In a 24-page filing Monday, U.S. prosecutors asked a federal judge in Washington, D.C., to keep Ethan Nordean, 30, of Seattle, in jail pending trial, appealing a lower court’s Feb. 8 release order.
Nordean was “nominated from within to have ‘war powers’ ” to lead activities at the Capitol after the group’s chairman, Henry “Enrique” Tarrio, was arrested by D.C. police upon arriving in the city two days earlier, Assistant U.S. Attorneys James B. Nelson and Jason B.A. McCullough alleged. They do not state whether Nordean and/or others were formally selected to lead events that day.
The prosecutors also asserted that Nordean led the group by positioning Proud Boys members — carrying encrypted two-way Chinese-made Baofeng radios and wearing military-style gear — at an entrance to the Capitol grounds that was guarded by only a handful of Capitol Police officers and spreading out others to different locations to avoid triggering police interest.
“By blending in and spreading out, Defendant and those following him on January 6 made it more likely that either a Proud Boy — or a suitably-inspired ‘normie’ [nonmilitant Trump supporter] — would be able to storm the Capitol and its ground in such a way that would interrupt [Congress’s] Certification of the Electoral College vote,” prosecutors said.
A detention hearing for Nordean is set for Wednesday.
Nordean, also known as Rufio Panman online, was arrested Feb. 3 on charges of aiding and abetting the destruction of government property, obstructing an official proceeding, trespassing and disorderly conduct on restricted Capitol grounds. The charges include an offense of violence and a charge defined as a federal crime of terrorism — destroying property to intimidate or coerce the government — punishable by up to 10 years in prison, prosecutors said.
Nordean attorney Corey Endo, an assistant federal defender in Seattle, argued when her client was first arrested that he is not accused of violence, has no criminal history, and that prosecutors were targeting Proud Boys members via “guilt by association.”
His local attorneys in Washington, D.C., David B. Smith and Nicholas D. Smith, argued in a court motion for his release that it is not clear that any damage attributed to Nordean would amount to more than a misdemeanor or that his alleged conversation or association with other charged individuals amounted to “aiding and abetting.”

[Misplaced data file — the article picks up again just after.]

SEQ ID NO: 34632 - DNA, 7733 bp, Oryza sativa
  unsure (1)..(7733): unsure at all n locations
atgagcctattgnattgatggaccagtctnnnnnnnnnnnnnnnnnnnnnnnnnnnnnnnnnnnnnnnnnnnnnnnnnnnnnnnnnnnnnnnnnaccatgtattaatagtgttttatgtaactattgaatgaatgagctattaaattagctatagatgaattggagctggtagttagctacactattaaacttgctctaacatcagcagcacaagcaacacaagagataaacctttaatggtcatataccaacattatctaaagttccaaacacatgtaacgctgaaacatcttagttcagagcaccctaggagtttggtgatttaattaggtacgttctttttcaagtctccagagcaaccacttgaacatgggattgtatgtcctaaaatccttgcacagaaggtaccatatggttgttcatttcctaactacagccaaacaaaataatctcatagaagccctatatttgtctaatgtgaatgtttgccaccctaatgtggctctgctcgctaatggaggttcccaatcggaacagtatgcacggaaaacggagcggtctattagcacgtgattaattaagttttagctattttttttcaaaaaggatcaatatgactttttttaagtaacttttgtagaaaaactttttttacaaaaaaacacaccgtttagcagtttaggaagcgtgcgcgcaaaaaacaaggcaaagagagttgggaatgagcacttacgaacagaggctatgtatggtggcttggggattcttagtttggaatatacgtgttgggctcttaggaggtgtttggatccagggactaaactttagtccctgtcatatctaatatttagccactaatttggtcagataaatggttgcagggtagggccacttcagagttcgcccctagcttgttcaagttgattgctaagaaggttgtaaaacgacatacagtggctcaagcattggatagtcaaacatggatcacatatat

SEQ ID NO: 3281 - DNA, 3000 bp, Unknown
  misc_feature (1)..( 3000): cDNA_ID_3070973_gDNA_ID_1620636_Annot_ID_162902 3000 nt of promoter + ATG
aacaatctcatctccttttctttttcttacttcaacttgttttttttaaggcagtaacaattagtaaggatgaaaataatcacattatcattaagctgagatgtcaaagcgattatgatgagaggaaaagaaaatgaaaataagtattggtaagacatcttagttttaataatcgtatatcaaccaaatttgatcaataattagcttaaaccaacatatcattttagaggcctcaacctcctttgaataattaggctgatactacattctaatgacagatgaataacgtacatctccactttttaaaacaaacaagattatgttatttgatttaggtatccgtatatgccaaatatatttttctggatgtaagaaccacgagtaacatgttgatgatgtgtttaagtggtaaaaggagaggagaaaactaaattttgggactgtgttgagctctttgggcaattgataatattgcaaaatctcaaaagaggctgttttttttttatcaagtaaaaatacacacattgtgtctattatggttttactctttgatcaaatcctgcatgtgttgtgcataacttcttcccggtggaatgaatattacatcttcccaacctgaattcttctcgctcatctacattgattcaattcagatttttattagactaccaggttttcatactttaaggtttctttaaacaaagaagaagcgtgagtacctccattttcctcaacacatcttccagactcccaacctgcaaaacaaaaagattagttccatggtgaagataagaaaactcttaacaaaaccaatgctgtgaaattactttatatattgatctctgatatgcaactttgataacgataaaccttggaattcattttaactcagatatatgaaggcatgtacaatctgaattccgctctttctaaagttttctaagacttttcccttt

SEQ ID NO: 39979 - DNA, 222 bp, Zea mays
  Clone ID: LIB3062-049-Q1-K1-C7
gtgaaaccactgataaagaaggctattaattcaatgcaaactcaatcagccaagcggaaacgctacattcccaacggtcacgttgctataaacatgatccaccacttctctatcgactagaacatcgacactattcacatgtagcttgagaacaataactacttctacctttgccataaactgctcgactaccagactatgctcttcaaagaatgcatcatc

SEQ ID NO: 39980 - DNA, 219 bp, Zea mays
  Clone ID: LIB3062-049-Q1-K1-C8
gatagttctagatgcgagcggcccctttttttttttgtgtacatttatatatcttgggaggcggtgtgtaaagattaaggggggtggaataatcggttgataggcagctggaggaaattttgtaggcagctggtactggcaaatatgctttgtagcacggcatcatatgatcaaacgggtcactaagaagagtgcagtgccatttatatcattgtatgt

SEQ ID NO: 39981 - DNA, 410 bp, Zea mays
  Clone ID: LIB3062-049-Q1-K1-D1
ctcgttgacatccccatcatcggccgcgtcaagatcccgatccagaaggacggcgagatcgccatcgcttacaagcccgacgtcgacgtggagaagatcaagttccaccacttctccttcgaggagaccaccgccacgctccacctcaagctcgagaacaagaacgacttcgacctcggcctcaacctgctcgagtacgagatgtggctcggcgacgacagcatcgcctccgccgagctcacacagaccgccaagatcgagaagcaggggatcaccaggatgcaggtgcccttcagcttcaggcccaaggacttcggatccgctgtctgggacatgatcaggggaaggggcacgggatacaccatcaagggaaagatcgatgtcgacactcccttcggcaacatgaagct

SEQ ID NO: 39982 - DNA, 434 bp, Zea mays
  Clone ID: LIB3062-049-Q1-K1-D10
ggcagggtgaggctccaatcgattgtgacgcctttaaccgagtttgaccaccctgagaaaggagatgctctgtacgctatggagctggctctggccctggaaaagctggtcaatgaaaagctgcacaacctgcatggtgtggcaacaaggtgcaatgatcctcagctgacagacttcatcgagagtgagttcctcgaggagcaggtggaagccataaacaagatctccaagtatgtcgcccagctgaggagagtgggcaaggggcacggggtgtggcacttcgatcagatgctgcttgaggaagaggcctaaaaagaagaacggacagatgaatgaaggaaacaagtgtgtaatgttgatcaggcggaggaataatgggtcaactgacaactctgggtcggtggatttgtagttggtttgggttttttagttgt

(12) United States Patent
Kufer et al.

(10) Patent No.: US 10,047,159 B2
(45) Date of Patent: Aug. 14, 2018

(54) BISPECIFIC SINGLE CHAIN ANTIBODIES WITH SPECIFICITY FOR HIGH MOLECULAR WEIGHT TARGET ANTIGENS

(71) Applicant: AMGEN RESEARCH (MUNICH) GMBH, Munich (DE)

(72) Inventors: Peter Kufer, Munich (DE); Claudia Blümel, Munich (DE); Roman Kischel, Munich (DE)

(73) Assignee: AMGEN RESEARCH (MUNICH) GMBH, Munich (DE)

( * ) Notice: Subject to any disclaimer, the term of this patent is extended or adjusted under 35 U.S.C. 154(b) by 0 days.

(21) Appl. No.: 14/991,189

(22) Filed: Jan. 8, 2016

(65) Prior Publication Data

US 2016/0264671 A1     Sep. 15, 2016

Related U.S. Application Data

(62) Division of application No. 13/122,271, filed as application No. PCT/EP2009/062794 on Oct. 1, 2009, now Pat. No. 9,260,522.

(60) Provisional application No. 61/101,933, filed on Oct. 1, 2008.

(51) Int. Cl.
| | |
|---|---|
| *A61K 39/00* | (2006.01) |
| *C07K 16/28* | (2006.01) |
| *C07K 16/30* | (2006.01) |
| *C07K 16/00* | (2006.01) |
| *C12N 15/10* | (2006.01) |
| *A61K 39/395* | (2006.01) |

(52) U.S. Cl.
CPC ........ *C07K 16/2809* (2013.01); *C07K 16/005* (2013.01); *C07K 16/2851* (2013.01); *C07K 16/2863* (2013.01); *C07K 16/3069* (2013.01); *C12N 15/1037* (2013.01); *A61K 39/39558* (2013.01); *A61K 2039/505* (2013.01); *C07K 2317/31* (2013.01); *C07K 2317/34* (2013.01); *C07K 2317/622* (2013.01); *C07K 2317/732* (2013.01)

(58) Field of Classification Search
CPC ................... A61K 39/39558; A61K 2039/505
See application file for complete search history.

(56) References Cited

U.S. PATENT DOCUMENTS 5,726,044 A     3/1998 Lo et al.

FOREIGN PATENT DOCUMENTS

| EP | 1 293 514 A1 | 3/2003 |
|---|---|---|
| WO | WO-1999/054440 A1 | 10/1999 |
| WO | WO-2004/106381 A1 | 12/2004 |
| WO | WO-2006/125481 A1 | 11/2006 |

Nordean also should be released because more than 14 days have passed without a probable cause hearing since his initial Feb. 3 court appearance, his defense said.
In granting Nordean’s release on Feb. 8 and staying it pending appeal, Chief Magistrate Judge Brian A. Tsuchida of Seattle said the accused could remain free on the condition that he not travel outside his home county, comply with a nightly curfew and surrender all passports.
Prosecutors have cast Nordean as a key link in their investigation, saying his communications before Jan. 6 indicate that he and other Proud Boys were planning in advance to organize a group that would try to overwhelm police barricades and breach the Capitol.
The FBI and U.S. prosecutors have charged nearly 20 members or associates of the Proud Boys in the breach, and they have accused several members of leading some of the most destructive, aggressive and early efforts to stampede police and break into the building.
The far-right group has a history of violence, and Canada has designated it a terrorist entity.
The FBI has said that Nordean and others appeared motivated in part by what they perceived to be an insufficient police response to the stabbing of one of their members who in December attended a pro-Trump demonstration in D.C.
Tarrio has denied that the group organized any violence at the Capitol. He was not at the Jan. 6 rally and has not been charged with any wrongdoing related to the riot. “There was no plan to go into the Capitol. … There was no plan to even interrupt Congress,” Tarrio has said.
In a Proud Boys live-stream video taken at the Capitol shortly before it was stormed, someone who authorities say appears to be Nordean can be seen leading members on a march around the building, while shouting at police through a bullhorn: “You took our boy in, and you let our stabber go.” The statement appears to be a reference to Tarrio’s arrest on Jan. 4 and the dismissal of charges against another man initially accused of being involved in a melee in which four people, including Proud Boys members, were stabbed after a pro-Trump march in Washington on Dec. 12.